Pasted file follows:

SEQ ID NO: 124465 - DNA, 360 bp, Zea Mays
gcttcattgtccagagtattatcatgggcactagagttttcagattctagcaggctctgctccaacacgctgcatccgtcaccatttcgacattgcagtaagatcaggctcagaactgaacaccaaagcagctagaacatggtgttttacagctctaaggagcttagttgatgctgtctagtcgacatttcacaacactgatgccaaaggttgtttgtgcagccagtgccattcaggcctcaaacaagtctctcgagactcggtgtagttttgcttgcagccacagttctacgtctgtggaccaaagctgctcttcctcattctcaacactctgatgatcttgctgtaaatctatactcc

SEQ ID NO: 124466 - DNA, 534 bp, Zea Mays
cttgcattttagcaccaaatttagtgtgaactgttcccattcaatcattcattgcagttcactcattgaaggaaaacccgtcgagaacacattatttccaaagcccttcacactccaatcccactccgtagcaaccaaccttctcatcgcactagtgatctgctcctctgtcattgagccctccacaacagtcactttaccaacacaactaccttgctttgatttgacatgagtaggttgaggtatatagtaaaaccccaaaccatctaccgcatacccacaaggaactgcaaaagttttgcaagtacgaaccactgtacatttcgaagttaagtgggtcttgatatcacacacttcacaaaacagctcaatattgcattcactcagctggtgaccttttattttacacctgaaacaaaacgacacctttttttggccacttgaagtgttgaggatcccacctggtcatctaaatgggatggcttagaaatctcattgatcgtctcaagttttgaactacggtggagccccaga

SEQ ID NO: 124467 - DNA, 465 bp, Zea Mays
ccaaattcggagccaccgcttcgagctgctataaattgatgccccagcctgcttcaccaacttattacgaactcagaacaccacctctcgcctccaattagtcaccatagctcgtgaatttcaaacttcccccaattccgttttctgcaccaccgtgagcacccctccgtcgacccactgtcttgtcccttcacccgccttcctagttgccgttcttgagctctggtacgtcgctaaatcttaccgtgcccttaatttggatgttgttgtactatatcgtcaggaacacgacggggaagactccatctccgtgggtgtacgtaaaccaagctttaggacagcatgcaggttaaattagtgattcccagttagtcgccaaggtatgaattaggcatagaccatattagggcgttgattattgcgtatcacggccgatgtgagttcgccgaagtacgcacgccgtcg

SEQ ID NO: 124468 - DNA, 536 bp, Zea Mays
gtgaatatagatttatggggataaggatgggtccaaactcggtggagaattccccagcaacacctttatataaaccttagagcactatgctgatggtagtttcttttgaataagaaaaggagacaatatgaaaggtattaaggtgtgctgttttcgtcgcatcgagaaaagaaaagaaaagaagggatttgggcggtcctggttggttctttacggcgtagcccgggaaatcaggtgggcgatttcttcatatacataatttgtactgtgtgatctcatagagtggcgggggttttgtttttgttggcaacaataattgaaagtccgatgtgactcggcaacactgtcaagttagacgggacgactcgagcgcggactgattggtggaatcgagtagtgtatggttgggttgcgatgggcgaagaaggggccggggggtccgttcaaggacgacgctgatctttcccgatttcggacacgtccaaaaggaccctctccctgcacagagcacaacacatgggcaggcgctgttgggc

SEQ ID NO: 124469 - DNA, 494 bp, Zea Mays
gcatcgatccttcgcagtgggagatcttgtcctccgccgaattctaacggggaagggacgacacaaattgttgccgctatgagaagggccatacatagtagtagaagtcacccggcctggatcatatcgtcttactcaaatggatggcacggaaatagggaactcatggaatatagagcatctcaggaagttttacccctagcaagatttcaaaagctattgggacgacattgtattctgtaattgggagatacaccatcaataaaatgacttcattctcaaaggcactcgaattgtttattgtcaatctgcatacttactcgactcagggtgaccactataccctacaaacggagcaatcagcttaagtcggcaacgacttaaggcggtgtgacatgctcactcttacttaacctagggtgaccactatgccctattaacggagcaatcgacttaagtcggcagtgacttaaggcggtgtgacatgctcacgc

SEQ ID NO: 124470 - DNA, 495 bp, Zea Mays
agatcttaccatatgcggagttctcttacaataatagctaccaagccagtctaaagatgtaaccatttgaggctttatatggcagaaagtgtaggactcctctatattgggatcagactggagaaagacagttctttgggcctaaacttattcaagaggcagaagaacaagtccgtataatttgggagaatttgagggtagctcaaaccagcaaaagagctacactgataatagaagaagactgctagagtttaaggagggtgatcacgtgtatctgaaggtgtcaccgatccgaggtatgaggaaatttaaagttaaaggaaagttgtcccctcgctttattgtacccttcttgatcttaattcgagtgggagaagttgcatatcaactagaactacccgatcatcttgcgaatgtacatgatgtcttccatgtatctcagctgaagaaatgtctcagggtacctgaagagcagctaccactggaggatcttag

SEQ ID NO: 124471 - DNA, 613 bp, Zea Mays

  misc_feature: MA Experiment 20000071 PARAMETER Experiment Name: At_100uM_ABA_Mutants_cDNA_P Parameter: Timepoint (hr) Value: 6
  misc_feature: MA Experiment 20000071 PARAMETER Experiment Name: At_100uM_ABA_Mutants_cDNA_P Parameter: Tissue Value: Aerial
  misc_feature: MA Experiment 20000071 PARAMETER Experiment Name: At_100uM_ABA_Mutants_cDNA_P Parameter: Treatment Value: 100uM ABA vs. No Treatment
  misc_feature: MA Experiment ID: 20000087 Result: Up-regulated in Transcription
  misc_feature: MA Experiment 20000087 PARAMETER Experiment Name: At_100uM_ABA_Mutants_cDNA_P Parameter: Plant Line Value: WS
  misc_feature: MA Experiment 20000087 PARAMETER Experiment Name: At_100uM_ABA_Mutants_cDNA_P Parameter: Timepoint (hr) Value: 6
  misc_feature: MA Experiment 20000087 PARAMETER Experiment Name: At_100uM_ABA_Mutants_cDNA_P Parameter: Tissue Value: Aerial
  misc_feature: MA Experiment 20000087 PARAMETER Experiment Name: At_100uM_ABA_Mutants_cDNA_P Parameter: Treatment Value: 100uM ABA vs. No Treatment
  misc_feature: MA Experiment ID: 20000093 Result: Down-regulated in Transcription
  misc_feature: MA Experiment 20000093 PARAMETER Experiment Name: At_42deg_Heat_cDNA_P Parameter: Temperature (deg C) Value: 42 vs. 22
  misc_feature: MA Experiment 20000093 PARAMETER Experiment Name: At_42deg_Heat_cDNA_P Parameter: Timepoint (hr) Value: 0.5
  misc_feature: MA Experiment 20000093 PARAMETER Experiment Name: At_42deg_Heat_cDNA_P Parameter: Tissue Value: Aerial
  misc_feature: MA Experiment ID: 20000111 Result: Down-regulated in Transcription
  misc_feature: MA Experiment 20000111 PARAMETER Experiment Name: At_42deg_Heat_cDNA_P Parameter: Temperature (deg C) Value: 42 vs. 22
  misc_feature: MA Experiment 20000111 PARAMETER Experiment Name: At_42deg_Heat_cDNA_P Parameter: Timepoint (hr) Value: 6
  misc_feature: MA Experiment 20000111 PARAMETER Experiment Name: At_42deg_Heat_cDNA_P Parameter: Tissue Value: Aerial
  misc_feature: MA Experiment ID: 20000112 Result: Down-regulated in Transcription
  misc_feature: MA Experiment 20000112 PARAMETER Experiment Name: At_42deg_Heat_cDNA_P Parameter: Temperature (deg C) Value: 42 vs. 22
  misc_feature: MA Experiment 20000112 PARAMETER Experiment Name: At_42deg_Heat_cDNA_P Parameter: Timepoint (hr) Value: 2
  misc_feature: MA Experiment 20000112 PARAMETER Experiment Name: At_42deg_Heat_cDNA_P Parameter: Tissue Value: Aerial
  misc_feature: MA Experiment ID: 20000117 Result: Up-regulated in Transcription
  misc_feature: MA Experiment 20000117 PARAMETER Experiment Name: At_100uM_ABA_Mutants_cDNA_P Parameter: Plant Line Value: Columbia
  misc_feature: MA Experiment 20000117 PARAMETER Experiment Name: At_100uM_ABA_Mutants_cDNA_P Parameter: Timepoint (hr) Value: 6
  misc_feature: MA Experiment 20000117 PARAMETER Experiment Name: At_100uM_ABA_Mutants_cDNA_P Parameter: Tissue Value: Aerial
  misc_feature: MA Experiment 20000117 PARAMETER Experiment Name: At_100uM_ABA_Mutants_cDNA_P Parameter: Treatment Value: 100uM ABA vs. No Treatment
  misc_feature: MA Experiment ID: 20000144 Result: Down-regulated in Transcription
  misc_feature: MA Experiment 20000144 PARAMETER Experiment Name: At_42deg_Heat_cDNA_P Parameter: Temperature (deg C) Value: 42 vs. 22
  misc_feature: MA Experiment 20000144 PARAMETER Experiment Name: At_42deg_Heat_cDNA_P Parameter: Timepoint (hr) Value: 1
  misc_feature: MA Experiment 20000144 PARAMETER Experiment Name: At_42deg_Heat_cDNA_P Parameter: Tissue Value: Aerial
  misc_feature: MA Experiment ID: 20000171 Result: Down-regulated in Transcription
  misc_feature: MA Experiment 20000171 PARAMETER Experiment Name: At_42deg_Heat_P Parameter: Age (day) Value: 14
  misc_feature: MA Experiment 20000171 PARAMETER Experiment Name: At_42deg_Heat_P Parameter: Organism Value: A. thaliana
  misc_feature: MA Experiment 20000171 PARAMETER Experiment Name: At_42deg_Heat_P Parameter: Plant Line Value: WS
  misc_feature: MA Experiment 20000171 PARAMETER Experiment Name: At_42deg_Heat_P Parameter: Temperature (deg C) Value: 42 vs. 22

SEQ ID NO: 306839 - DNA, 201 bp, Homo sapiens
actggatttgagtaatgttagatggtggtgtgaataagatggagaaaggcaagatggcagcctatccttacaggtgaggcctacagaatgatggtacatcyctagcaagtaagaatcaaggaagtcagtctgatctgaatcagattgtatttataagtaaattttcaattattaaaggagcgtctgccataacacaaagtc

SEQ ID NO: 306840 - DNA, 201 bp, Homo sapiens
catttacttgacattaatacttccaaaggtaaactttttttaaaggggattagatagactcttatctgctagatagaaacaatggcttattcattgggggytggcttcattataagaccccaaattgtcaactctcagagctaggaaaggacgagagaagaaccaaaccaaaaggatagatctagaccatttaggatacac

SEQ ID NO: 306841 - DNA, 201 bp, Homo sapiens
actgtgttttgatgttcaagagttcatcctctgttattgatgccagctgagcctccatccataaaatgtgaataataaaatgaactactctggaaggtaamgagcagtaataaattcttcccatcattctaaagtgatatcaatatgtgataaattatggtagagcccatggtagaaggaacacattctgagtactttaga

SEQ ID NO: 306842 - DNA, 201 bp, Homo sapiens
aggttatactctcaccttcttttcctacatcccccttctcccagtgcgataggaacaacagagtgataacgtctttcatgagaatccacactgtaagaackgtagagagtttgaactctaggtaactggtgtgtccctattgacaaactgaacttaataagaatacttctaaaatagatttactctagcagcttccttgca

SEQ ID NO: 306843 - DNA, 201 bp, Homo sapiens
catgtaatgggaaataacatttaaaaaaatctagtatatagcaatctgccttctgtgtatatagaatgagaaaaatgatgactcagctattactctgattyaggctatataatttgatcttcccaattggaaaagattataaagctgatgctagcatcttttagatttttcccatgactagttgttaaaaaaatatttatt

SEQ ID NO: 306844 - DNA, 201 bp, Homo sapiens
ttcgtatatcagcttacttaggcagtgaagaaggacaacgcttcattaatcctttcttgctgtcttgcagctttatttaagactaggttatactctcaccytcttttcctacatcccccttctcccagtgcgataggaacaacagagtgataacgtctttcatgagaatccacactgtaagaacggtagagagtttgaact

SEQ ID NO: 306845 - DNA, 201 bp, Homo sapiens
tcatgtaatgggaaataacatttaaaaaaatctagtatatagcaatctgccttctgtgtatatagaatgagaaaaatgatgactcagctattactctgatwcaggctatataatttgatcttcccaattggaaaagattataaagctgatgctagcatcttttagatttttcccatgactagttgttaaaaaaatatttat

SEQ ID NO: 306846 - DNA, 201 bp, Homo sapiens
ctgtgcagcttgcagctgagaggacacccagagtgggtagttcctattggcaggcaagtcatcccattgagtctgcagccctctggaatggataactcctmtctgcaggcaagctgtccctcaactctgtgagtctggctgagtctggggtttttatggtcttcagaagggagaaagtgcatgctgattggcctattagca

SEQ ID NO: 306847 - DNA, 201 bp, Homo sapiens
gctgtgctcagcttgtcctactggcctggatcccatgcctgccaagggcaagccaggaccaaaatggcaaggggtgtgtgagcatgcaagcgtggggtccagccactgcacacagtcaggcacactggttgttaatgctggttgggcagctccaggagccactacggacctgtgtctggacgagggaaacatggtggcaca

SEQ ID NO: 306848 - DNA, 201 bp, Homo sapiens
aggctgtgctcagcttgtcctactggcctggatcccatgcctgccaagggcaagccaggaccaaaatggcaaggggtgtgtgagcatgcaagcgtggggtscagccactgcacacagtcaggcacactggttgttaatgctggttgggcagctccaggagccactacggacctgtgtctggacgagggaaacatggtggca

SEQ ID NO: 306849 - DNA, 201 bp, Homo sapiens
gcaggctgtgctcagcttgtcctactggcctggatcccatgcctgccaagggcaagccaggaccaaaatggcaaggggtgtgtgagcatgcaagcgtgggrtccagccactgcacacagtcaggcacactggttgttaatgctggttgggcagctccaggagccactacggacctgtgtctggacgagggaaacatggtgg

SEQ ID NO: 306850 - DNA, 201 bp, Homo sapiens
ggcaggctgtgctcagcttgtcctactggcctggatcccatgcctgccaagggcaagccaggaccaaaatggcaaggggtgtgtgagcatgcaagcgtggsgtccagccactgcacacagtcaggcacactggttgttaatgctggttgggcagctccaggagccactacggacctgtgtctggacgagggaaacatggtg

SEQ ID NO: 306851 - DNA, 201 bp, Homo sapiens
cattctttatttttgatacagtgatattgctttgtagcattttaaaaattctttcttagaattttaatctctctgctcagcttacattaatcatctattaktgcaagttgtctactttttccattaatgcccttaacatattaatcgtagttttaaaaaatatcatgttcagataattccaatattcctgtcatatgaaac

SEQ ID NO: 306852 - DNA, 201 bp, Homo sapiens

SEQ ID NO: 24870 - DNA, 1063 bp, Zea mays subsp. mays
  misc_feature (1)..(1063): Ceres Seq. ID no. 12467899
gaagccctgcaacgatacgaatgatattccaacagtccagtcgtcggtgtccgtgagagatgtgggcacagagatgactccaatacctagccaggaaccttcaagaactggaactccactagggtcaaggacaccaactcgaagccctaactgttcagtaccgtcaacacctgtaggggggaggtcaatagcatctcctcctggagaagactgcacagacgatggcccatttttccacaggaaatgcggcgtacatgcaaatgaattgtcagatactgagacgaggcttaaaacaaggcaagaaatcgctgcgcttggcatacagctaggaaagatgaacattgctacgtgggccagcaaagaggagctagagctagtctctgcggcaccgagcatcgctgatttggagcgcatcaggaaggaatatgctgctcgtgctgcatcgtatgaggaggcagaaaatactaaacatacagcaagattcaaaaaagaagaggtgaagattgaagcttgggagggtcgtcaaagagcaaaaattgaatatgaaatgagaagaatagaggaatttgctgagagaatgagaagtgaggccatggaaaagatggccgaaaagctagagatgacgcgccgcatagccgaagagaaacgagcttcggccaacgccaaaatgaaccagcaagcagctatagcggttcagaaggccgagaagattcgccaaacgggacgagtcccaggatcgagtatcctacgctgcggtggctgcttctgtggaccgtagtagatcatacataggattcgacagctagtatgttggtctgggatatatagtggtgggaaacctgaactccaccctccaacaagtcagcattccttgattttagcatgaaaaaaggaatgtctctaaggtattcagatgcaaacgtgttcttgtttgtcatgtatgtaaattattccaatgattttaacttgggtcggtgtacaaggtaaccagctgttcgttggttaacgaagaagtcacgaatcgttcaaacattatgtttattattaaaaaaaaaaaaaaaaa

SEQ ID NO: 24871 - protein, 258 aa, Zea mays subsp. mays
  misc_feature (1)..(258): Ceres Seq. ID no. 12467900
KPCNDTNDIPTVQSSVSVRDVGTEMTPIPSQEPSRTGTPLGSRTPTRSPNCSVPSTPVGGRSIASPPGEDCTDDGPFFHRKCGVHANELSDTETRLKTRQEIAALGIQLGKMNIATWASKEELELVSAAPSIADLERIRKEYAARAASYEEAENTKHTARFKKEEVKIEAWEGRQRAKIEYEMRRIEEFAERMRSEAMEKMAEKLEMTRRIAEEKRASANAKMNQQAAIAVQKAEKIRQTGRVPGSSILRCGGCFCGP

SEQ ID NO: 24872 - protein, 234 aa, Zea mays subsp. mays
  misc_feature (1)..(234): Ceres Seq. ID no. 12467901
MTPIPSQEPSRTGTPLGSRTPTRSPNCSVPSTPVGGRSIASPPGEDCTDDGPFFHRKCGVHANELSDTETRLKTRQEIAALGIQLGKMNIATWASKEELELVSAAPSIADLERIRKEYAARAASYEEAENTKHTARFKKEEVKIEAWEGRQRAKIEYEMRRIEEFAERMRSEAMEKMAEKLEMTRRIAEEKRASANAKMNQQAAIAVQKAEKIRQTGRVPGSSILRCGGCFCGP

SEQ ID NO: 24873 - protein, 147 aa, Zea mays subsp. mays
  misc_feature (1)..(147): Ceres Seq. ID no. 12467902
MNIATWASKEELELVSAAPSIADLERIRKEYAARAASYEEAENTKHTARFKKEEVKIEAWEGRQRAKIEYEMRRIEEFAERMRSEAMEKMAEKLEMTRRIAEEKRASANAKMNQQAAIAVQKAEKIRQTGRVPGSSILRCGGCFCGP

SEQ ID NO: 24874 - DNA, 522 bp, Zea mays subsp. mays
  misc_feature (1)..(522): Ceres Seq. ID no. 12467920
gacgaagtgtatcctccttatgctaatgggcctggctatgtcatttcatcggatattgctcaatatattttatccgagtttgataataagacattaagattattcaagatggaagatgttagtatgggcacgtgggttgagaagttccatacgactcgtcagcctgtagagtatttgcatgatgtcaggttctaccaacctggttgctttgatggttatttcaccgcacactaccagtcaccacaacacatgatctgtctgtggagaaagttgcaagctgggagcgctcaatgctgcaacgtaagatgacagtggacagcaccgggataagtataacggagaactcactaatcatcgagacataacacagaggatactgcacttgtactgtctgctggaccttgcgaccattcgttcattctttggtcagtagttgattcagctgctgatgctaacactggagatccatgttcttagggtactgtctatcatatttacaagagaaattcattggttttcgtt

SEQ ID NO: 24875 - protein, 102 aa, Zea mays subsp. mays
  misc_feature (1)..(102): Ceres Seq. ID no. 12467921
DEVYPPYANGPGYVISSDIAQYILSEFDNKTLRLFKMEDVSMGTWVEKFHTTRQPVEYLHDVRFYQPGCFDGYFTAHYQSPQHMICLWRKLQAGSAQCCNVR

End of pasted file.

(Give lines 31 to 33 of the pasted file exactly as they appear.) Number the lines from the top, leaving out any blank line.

  misc_feature: MA Experiment 20000112 PARAMETER Experiment Name: At_42deg_Heat_cDNA_P Parameter: Temperature (deg C) Value: 42 vs. 22
  misc_feature: MA Experiment 20000112 PARAMETER Experiment Name: At_42deg_Heat_cDNA_P Parameter: Timepoint (hr) Value: 2
  misc_feature: MA Experiment 20000112 PARAMETER Experiment Name: At_42deg_Heat_cDNA_P Parameter: Tissue Value: Aerial